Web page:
The last time hours-of-service regulations changes were proposed in 2003, freight industry leaders delayed the implementation of changes until 2011.  The delay came in the form of litigation in federal court and was based on claims that the initial changes would have a negative impact on drivers’ well-being and highway safety.

Lawmakers believe that there will be a repeat of litigation regarding the newest changes in hours-of-service regulations.  Furthermore, if the recent HOS rule changes go to federal court, then the rule changes will take a while to be final.

Visit BM2 Freight Services, Inc. for a freight quote.

Is The Freight Market Starting To Recover?

Uptick in Freight Market Volume

Freightwaves market data indicates that the freight market may be at the beginning of a recovery.  For the first time in a year, load volumes are up over 2018 numbers.  With many carriers cutting capacity and rising freight volumes, trucking rates are starting to come back up.  Major markets across the U.S. are seeing week-over-week upticks in volume.  Additionally, spot market volume is up 7% over the first half of 2018.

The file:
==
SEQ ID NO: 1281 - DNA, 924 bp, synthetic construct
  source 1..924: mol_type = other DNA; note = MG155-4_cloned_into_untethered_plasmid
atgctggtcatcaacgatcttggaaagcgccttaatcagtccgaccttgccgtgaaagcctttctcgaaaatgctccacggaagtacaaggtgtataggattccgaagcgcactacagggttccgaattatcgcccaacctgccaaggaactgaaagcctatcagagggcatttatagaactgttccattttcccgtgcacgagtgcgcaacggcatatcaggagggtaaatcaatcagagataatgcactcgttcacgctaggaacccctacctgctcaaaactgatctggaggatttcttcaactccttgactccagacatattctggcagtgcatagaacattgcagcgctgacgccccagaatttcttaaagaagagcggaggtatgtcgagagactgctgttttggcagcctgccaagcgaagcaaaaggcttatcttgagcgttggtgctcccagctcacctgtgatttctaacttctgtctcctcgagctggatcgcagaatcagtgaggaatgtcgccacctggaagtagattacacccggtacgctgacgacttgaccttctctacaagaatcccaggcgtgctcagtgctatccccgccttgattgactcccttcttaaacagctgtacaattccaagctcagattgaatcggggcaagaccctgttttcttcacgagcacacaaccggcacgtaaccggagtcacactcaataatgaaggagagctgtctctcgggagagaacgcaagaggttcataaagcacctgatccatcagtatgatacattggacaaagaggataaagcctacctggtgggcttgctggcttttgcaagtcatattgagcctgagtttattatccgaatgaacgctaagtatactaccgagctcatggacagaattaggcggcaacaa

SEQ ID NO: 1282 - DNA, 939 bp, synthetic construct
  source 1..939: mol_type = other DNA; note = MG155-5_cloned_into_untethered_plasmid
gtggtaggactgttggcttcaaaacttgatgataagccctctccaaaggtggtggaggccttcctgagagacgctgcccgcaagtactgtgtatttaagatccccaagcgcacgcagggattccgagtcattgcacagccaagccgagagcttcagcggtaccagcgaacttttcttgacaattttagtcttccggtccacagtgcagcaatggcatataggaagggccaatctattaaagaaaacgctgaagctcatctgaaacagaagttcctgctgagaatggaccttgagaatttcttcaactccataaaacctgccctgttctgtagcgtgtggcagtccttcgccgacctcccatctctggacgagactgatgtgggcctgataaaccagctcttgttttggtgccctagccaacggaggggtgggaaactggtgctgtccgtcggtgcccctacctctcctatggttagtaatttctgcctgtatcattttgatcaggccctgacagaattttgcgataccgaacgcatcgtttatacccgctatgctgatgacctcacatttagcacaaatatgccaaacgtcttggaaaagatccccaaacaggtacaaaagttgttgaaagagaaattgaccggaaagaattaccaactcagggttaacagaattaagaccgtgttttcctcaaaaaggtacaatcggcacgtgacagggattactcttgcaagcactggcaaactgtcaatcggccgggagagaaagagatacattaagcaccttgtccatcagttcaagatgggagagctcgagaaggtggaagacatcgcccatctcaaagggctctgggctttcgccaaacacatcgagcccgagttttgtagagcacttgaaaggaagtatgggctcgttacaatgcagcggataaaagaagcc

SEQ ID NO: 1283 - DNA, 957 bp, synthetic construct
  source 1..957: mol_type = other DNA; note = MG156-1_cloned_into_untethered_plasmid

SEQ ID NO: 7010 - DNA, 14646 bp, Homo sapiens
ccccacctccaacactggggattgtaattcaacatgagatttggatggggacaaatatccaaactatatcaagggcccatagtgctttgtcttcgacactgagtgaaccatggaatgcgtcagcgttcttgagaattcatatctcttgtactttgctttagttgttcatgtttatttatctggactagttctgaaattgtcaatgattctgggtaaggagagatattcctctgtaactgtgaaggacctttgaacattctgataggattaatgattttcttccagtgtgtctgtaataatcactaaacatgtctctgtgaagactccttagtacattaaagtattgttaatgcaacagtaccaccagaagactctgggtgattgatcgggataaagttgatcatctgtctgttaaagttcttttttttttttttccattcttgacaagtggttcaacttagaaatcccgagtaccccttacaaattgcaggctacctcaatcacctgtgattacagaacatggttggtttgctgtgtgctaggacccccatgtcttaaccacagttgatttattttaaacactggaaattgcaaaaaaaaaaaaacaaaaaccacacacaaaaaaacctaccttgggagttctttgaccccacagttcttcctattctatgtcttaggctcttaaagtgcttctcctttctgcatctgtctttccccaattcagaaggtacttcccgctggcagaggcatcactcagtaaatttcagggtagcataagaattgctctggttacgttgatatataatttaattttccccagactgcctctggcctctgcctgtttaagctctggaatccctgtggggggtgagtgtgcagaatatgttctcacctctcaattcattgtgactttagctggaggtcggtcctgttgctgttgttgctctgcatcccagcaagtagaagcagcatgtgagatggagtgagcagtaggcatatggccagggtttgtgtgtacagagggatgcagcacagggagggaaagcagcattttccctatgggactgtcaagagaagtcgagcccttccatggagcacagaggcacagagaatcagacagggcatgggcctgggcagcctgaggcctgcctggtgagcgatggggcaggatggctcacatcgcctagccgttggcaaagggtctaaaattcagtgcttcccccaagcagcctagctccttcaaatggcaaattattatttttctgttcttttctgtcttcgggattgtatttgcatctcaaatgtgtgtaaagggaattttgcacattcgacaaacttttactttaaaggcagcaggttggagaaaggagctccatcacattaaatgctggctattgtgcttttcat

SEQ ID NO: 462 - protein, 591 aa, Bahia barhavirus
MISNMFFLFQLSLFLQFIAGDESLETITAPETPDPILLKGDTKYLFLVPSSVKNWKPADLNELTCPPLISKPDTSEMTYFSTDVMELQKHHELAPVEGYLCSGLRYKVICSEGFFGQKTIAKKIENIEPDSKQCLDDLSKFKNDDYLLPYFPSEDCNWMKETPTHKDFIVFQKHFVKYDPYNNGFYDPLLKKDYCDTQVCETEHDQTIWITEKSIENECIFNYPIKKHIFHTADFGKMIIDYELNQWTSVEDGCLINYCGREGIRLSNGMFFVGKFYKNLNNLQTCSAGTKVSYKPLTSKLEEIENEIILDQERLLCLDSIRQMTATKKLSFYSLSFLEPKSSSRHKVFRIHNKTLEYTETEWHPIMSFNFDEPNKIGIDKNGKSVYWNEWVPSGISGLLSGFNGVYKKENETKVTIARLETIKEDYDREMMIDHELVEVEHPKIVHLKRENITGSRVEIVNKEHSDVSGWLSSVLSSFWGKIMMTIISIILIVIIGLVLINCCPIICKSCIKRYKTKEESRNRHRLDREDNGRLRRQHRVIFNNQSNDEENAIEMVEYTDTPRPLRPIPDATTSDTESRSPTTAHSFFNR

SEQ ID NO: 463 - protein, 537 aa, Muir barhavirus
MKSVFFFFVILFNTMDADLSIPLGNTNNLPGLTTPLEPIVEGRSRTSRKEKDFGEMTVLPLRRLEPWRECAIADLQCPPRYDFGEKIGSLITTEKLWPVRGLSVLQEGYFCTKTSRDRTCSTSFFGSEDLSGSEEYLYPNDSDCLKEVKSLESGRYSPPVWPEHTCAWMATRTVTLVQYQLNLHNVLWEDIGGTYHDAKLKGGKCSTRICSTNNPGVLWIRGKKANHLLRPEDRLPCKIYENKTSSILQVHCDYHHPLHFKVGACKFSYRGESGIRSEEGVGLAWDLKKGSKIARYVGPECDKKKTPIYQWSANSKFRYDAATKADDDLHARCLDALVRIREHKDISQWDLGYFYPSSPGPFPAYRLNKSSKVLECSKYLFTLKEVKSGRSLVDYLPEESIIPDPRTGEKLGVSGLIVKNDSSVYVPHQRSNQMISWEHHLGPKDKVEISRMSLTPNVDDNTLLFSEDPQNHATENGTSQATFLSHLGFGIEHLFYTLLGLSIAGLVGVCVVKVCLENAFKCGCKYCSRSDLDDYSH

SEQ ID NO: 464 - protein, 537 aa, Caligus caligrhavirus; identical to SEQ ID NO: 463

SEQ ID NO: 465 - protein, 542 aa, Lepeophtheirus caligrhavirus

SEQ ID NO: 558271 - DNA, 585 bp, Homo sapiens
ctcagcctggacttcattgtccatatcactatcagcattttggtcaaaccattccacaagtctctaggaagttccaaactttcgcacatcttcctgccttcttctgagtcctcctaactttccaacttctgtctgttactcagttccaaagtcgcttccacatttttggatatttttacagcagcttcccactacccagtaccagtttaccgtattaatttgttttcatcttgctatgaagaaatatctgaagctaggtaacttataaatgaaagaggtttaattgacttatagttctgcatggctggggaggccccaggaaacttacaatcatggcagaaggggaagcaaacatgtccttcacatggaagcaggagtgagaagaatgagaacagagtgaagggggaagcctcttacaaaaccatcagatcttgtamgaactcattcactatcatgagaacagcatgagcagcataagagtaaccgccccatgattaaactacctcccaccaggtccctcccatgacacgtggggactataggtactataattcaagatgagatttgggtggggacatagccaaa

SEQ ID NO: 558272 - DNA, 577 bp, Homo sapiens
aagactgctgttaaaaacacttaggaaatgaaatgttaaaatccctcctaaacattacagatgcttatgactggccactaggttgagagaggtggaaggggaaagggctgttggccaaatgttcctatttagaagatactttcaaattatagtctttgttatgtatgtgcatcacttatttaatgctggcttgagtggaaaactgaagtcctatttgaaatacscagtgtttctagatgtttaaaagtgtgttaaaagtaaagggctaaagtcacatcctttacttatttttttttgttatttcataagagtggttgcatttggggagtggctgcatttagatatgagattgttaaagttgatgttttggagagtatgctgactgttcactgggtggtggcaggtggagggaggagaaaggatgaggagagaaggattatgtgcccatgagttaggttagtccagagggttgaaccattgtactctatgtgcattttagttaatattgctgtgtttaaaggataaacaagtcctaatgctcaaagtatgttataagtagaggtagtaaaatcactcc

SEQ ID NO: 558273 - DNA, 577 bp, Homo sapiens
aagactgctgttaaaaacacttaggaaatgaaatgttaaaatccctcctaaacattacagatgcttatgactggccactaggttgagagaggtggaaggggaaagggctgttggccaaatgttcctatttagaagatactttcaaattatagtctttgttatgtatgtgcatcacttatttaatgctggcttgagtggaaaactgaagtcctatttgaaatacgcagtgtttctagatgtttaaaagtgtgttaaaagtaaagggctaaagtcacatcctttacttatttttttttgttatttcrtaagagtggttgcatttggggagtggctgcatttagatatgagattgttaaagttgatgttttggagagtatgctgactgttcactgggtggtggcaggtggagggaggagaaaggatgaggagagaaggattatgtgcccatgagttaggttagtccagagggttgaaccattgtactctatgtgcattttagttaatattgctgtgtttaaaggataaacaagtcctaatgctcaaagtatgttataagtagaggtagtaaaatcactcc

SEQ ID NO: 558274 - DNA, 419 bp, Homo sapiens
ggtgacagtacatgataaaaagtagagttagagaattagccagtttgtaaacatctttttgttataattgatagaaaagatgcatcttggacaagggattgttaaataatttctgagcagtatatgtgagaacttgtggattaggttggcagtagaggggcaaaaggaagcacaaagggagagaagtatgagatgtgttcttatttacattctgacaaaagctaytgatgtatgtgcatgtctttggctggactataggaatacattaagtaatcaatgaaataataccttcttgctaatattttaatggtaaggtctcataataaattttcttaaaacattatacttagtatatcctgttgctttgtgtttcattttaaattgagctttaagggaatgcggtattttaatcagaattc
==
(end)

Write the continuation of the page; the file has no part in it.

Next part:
Furthermore, top carrier executives in the industry predict a tightening of capacity in the coming months to adjust to the decline in volume.  However, if capacity tightens too much prior to the end-of-year freight rush, then the market rates could skyrocket again.  We recommend securing relationships with carriers ahead of time so that when capacity tightens up again your shipments are covered at the right cost for your supply chain.

Freight Market Forecasting & What to Plan For

In addition to the driver shortage in the freight market, there is a shortage of mechanics.  According to Andy Dishner, COO of Konexial, the freight industry is feeling the consequences of a shortage of mechanics and technicians.  Another report from the U.S. Bureau of Labor Statistics projects that nearly 67,000 diesel service technicians and 75,000 mechanics are needed to replace retired workers and meet demand in the industry by 2022.  Carriers are now seeking to employ their own maintenance work force to battle higher outsourced maintenance costs.

Another large cost for commercial trucking fleets today is fuel.  Fuel costs currently represent about 22% of a fleet’s total operating cost.  This takes away from front end talent acquisition for freight carriers.  However, new idle-reduction technologies are becoming a primary consideration for fleets.  Not only for reducing costs, but also improving efficiencies in a number of areas including hiring new talent.  According to a North American Council for Freight Efficiency (NACFE) report, the group expressed high confidence in electric engine idle tech, driver training/incentives and driver comfort in the cab.  The report goes further to state that companies should see a return on their investments in new engine idle tech in under a year.  NACFE predicts that trucks can save 1% in fuel economy with a 10% reduction in idling.